U.S. Coast Guard outlines plans for western Alaska

United States Coast Guard Seventeenth District Rear Admiral Thomas P. Ostebo, left with Captain Carl J. Uchytil in May 2011. (Klas Stolpe / Juneau Empire / AP)
United States Coast Guard Seventeenth District Rear Admiral Thomas P. Ostebo, left with Captain Carl J. Uchytil in May 2011. (Klas Stolpe / Juneau Empire / AP)
Coast Guard Admiral Thomas Ostebo visited Nome last week to outline summer plans for Western Alaska. The plans are part of the Coast Guard’s Alaska operation for the year, officially titled Arctic Shield 2014.

Nome should expect a regular stream of Coast Guard ships pulling in for supplies, fuel, and crew changes.

Expected vessels include buoy tenders and cutters, particularly the Alex Haley.

Listen to the full report from Anna Rose MacArthur, KNOM - Nome:

In Barrow the Coast Guard will station a buoy tender and a national security cutter offshore. Also, they will open an emergency response helicopter facility to aid industries and communities in the North Slope.

If Shell Oil Company receives its drilling permits for the Chuckchi Sea, a Coast Guard ship will remain on the drill site at all times.

In Kotzebue the Coast Guard will use the air facility on an as-needed basis for deployment and crew swaps. In Point Clarence, the Coast Guard will port a patrol boat to monitor the Bering waters, respond to offshore incidents, and aid local vessel boardings.

In addition, the Coast Guard will conduct disaster and oil spill response training in communities along the Western coast.

“So you can expect to see a lot of Coast Guard folks again,” Ostebo said. “Hopefully that’s a good thing.”

While in past years, the Coast Guard focused either on the Arctic or on Alaska’s western coast, Ostebo says, this summer the Coast Guard will be patrolling both areas.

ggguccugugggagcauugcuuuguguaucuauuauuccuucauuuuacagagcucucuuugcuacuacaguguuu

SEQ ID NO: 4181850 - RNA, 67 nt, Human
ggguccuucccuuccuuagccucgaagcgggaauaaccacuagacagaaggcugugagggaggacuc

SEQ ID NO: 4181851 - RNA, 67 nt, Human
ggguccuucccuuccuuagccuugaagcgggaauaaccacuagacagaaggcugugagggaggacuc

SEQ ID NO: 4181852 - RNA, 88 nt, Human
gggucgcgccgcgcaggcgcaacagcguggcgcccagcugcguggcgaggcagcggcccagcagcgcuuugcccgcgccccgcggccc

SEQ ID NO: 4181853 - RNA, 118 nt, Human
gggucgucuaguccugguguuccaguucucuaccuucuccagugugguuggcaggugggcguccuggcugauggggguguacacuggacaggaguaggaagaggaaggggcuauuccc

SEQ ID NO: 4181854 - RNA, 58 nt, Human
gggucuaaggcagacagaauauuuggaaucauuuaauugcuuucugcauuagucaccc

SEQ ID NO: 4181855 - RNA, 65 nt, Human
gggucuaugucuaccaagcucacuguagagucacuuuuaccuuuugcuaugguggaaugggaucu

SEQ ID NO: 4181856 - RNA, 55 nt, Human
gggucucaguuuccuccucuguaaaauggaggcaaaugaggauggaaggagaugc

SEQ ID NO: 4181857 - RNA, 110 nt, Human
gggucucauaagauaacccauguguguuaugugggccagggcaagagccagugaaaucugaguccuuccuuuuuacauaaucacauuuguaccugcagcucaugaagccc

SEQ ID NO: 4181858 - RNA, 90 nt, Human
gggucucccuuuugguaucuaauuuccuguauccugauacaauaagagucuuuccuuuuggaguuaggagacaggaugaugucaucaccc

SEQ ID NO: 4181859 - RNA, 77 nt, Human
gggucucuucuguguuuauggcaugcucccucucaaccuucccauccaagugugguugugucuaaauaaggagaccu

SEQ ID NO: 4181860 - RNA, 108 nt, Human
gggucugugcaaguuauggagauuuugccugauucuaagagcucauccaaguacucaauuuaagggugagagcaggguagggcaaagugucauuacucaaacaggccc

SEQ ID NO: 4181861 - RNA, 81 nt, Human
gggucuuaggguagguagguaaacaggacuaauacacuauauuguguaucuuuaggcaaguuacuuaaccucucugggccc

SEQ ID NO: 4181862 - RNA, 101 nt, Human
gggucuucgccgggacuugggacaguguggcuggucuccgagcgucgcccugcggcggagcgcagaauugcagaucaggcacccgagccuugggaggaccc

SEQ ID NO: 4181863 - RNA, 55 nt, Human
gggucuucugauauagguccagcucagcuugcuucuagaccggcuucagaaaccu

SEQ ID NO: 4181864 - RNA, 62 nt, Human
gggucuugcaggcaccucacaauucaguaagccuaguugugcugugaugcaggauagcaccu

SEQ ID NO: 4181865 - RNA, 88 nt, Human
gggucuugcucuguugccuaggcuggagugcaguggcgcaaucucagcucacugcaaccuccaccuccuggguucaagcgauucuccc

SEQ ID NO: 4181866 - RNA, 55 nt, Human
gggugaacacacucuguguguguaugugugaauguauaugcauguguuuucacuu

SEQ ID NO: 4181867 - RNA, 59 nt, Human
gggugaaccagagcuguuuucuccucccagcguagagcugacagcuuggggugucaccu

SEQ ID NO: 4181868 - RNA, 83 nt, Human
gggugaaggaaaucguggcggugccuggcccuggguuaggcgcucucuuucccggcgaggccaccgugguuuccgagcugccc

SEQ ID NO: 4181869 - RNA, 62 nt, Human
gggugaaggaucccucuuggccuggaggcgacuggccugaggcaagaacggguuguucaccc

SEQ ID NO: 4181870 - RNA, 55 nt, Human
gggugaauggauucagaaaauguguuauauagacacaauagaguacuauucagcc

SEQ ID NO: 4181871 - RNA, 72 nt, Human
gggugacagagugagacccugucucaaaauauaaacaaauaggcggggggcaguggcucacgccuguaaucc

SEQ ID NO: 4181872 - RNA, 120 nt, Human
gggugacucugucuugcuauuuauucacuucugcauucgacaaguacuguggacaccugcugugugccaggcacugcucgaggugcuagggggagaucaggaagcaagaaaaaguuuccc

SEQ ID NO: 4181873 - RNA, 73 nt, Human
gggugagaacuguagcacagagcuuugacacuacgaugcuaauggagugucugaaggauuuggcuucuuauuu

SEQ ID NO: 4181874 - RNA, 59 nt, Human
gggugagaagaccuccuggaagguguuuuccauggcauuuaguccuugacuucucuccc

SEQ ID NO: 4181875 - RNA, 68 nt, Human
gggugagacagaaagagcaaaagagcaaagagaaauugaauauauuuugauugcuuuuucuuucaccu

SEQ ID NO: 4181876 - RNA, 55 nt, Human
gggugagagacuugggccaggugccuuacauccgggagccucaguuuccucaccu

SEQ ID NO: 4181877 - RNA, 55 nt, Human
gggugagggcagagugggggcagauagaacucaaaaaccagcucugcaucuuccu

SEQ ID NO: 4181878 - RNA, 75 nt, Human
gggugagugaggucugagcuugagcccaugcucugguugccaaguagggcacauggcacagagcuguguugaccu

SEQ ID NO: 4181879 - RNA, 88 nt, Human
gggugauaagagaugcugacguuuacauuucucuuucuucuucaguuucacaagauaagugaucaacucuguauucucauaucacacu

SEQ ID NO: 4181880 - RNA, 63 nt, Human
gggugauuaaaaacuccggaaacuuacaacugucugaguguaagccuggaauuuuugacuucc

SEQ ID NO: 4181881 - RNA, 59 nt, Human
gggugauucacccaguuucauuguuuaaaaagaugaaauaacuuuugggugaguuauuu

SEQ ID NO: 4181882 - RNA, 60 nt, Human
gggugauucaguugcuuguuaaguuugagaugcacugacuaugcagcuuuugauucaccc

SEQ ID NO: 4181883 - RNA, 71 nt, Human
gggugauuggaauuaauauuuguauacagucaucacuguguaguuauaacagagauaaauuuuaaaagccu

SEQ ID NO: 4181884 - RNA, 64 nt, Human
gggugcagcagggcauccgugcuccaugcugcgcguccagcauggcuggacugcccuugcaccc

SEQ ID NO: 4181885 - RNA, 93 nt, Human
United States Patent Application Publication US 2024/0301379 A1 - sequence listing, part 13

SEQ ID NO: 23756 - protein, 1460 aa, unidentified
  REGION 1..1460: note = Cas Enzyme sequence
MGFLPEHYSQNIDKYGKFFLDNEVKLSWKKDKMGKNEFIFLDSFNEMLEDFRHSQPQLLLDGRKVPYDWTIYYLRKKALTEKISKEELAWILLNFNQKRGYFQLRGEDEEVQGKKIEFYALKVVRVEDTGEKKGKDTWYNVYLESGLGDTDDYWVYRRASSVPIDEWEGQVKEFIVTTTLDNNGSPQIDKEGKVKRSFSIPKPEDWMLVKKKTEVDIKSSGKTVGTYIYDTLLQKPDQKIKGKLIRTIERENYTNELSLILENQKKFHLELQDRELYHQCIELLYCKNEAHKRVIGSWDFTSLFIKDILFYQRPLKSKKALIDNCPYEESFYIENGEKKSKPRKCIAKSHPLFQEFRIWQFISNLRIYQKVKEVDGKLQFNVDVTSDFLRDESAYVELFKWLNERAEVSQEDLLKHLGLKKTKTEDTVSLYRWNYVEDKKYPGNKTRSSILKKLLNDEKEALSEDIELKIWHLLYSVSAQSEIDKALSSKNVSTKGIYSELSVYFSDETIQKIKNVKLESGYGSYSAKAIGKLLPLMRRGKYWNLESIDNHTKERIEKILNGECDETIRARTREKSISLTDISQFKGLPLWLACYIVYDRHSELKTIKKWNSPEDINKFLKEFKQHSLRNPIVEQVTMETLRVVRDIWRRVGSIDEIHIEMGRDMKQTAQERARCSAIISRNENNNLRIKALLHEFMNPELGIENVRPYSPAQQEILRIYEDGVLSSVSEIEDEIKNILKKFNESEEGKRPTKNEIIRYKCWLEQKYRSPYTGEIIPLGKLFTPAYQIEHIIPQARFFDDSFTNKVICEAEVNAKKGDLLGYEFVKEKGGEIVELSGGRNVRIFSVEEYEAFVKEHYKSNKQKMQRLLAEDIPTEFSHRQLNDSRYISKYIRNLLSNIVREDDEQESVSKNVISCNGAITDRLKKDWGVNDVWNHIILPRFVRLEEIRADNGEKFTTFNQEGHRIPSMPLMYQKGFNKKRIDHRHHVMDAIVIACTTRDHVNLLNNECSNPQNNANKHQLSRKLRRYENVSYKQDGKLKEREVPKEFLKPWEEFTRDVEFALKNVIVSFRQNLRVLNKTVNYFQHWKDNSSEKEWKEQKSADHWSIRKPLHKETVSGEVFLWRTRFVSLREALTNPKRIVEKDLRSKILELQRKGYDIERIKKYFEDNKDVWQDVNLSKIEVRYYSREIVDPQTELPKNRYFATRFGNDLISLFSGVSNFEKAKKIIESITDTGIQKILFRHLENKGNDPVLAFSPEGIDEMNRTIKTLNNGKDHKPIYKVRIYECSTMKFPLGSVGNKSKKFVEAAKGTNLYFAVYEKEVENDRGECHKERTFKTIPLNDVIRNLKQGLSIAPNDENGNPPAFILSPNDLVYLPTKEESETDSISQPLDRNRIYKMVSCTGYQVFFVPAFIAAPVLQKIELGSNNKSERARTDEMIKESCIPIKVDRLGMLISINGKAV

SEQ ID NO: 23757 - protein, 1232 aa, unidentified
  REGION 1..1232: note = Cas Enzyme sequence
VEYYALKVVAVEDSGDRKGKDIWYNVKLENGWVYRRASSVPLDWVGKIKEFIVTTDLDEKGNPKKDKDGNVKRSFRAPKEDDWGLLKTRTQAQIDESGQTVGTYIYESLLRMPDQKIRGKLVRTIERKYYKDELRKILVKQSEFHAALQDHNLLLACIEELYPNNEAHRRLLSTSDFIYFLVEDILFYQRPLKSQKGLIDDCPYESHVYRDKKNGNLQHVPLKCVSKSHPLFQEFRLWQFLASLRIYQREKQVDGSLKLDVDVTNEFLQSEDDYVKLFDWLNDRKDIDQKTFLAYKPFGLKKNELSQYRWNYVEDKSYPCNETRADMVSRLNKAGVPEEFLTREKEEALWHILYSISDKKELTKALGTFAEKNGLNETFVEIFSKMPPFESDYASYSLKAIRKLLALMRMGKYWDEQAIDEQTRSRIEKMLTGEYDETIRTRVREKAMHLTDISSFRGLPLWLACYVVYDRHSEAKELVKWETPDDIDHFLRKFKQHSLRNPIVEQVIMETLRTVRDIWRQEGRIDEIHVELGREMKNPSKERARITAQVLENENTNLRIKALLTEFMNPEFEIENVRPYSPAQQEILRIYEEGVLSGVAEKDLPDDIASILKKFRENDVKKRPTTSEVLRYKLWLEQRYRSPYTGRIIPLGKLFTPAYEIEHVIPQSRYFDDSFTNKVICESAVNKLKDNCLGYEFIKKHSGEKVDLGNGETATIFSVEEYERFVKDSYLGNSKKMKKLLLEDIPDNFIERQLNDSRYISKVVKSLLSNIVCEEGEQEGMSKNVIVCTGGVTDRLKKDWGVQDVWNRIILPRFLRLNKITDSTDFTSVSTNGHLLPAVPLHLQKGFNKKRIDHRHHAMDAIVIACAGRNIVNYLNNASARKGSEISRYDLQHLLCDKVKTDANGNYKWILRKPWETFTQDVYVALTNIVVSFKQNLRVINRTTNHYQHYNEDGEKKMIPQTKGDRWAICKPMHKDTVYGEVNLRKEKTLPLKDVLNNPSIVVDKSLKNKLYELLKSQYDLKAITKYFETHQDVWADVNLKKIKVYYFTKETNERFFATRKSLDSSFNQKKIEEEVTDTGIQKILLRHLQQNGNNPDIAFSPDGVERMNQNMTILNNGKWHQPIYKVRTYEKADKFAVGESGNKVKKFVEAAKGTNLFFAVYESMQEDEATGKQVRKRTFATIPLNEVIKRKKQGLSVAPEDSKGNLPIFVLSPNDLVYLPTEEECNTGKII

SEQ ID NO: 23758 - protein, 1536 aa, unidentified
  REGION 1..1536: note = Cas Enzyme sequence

“Next summer we’re going to have to try to keep our foot in both places, because the threat remains in both places,” Ostebo said.

That threat stems from potential accidents like vessel collisions, oil spills, and situations requiring search and rescue. Ostebo’s top concern is the unregulated increase of vessels through the Bering Strait. This traffic overshadows even the risks associated with oil and gas extraction. Last year, Ostebo says, the Bering Strait saw the highest number of ship and cargo passage in the strait’s history, and the Coast Guard expects an even higher rate this year.

“When we have as much of the increase in traffic as we’re seeing take place in the Bering Strait, two ships colliding with each other, a ship running aground on Little Diamede, a ship losing power or having a fire, or those kinds of things are really the biggest concerns that I have as I look to the threats in this area and the CG needs to be here to support that,” Ostebo said.

Ostebo says the Coast Guard and its Russian counterpart are drafting voluntary regulations for vessel routing and reporting through the strait.

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